With our move, I learned a TON; I learned I could plan and be as well organized as I wanted to but in the end, there would be outliers that I didn’t factor that dang near brought me to my knees. I learned we wouldn’t walk away with as much financially as I had anticipated due to poor planning in the past but let me be clear. To anyone who is the sole income earner in their household, trying to also run a business, put a kid or two through college, and be a full-time caregiver to a lifelong partner whose health is deteriorating more and more every year I SEE you. There have been many days/nights I have cried myself to sleep, and my family has witnessed me have a full mental breakdown because the weight is just entirely too heavy to bear alone. Yet, anyone who is close enough to know the vulnerable me knows I can go from full-blown meltdown to stone-faced back to business in 3.2 seconds. Is it healthy? No. I’m sure it’s a coping mechanism I learned from the childhood trauma of licking my own wounds. Recently, I heard a quote that read something like I didn’t grow up with role models, instead, I grew up with people I didn’t want to be like. That hit home big time for me.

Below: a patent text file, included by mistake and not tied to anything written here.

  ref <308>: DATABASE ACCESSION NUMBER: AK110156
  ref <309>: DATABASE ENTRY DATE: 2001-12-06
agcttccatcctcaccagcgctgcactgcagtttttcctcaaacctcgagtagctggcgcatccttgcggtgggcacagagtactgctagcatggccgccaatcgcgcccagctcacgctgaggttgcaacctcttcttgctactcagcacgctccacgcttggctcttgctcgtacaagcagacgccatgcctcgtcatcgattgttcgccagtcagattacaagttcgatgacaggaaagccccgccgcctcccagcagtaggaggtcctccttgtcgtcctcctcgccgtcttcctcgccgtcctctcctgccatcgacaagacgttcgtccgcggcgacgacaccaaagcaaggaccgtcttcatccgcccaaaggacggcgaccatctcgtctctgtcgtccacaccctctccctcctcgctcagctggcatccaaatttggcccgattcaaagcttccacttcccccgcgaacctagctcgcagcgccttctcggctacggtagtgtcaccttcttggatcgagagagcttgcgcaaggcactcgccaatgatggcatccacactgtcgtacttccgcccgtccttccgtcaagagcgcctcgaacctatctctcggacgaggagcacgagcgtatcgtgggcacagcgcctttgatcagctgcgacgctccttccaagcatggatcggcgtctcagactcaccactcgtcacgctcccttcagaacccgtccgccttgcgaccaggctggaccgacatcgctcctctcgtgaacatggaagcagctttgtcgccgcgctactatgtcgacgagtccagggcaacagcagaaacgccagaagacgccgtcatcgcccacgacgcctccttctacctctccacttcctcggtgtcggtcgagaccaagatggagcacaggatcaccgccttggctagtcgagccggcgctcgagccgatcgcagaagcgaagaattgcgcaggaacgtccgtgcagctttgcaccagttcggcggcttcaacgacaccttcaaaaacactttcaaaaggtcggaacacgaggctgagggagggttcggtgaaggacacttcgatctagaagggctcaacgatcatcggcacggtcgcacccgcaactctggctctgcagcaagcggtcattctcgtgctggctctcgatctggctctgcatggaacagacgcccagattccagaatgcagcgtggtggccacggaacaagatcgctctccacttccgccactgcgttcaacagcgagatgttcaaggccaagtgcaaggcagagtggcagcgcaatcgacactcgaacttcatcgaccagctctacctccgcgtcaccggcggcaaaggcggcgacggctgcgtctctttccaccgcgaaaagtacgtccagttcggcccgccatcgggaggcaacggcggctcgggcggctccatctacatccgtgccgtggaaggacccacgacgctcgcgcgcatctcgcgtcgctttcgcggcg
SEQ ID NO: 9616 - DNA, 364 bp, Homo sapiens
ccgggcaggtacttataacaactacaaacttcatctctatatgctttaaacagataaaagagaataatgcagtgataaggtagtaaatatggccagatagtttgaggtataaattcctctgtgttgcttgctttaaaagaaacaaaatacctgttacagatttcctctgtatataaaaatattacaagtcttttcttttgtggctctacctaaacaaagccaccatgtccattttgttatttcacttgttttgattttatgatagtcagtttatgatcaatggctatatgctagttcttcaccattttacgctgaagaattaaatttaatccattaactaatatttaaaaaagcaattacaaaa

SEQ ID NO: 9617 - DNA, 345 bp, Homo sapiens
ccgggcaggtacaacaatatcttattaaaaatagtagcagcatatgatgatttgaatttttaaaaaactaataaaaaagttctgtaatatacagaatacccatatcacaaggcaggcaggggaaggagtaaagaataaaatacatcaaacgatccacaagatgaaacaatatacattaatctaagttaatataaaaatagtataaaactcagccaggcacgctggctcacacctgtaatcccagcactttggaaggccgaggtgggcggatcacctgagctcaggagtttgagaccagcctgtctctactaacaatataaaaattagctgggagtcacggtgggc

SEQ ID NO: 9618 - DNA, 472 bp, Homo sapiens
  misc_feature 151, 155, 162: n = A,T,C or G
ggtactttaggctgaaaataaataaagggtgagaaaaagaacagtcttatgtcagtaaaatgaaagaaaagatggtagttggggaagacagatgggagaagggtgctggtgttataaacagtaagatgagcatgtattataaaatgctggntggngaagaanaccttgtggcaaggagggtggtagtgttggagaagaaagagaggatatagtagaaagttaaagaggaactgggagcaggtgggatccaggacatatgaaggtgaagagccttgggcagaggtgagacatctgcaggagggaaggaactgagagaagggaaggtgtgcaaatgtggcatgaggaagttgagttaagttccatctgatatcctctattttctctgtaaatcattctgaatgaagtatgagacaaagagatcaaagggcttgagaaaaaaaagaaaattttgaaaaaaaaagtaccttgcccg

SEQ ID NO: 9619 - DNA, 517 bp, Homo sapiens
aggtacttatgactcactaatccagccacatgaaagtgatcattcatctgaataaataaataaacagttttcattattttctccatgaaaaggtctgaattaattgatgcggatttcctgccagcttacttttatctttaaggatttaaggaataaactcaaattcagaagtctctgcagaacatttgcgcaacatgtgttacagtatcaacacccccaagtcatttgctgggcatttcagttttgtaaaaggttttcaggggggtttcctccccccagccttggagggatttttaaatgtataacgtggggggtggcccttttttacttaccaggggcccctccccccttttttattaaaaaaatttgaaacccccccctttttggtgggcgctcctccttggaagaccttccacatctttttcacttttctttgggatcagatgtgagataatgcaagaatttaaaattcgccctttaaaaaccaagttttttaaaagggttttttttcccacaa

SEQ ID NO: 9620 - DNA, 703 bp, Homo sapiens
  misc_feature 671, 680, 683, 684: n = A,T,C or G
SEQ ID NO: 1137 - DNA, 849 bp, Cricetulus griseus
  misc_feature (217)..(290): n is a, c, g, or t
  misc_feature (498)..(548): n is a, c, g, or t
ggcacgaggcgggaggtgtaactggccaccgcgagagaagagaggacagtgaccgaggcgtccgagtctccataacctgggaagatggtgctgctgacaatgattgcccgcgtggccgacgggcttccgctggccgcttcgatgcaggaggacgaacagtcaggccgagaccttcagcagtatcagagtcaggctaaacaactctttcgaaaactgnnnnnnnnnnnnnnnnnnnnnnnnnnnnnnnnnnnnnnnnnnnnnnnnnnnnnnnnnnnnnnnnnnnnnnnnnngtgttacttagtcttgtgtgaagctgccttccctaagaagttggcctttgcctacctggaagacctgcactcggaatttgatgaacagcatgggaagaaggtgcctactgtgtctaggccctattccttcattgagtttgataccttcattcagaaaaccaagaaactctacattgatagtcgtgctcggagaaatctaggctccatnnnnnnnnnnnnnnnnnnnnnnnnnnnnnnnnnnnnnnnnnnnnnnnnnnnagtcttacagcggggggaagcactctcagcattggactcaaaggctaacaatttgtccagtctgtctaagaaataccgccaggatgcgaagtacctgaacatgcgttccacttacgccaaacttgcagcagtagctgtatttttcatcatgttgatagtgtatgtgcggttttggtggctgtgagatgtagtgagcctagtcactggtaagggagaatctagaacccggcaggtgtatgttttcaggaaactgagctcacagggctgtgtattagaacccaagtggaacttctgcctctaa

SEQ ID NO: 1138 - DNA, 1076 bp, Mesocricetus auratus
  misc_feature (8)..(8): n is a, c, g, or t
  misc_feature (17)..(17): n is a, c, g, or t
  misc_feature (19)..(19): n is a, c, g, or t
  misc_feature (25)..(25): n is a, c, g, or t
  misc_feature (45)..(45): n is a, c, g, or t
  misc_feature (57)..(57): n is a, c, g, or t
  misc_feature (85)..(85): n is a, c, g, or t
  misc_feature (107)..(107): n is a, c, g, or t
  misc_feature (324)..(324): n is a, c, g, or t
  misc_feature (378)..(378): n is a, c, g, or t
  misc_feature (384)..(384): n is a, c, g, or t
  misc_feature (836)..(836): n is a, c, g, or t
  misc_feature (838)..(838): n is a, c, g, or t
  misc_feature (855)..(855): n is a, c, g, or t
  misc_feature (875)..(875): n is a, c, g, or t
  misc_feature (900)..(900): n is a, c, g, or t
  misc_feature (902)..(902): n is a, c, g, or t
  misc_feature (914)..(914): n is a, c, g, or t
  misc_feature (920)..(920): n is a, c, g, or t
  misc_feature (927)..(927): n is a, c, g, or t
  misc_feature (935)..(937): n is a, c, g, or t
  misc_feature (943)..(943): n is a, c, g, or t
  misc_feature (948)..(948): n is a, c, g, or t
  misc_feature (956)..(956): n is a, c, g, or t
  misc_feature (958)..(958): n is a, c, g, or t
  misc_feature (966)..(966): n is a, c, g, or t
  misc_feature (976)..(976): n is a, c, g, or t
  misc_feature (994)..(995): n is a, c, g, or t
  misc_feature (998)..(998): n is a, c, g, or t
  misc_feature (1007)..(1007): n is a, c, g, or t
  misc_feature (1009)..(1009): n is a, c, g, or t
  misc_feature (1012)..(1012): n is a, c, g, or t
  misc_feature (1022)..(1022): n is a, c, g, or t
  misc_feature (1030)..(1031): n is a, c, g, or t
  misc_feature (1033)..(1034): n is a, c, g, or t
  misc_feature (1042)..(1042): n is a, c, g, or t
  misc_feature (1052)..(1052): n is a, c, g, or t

Moving on, I learned we don’t NEED a lot of things. Ha! I learned how to get rid of and let go of SO much STUFF. With our daughter moving into her first place, it was easy enough to split things like furnishings and kitchenware with her to get her going. My cousin and his wife had just purchased their first home so they came over and we loaded up most of the garage items such as the lawn mower, snowblower, tools, etc. You know, all of the things a new homeowner needs that they don’t know they need yet.

Some of my styling inventory went to one of the stylists on my team and copious amounts of things went to the thrift store. I think I counted 11 SUV truckloads. My daughter took all of the paint, oil, chemicals, etc. and brought them to a city drop-off site. What remained, I thought, was a piece of cake.

photo by sage e imagery | from: lea’s living room reveal: her pet and family-friendly open concept design agony solved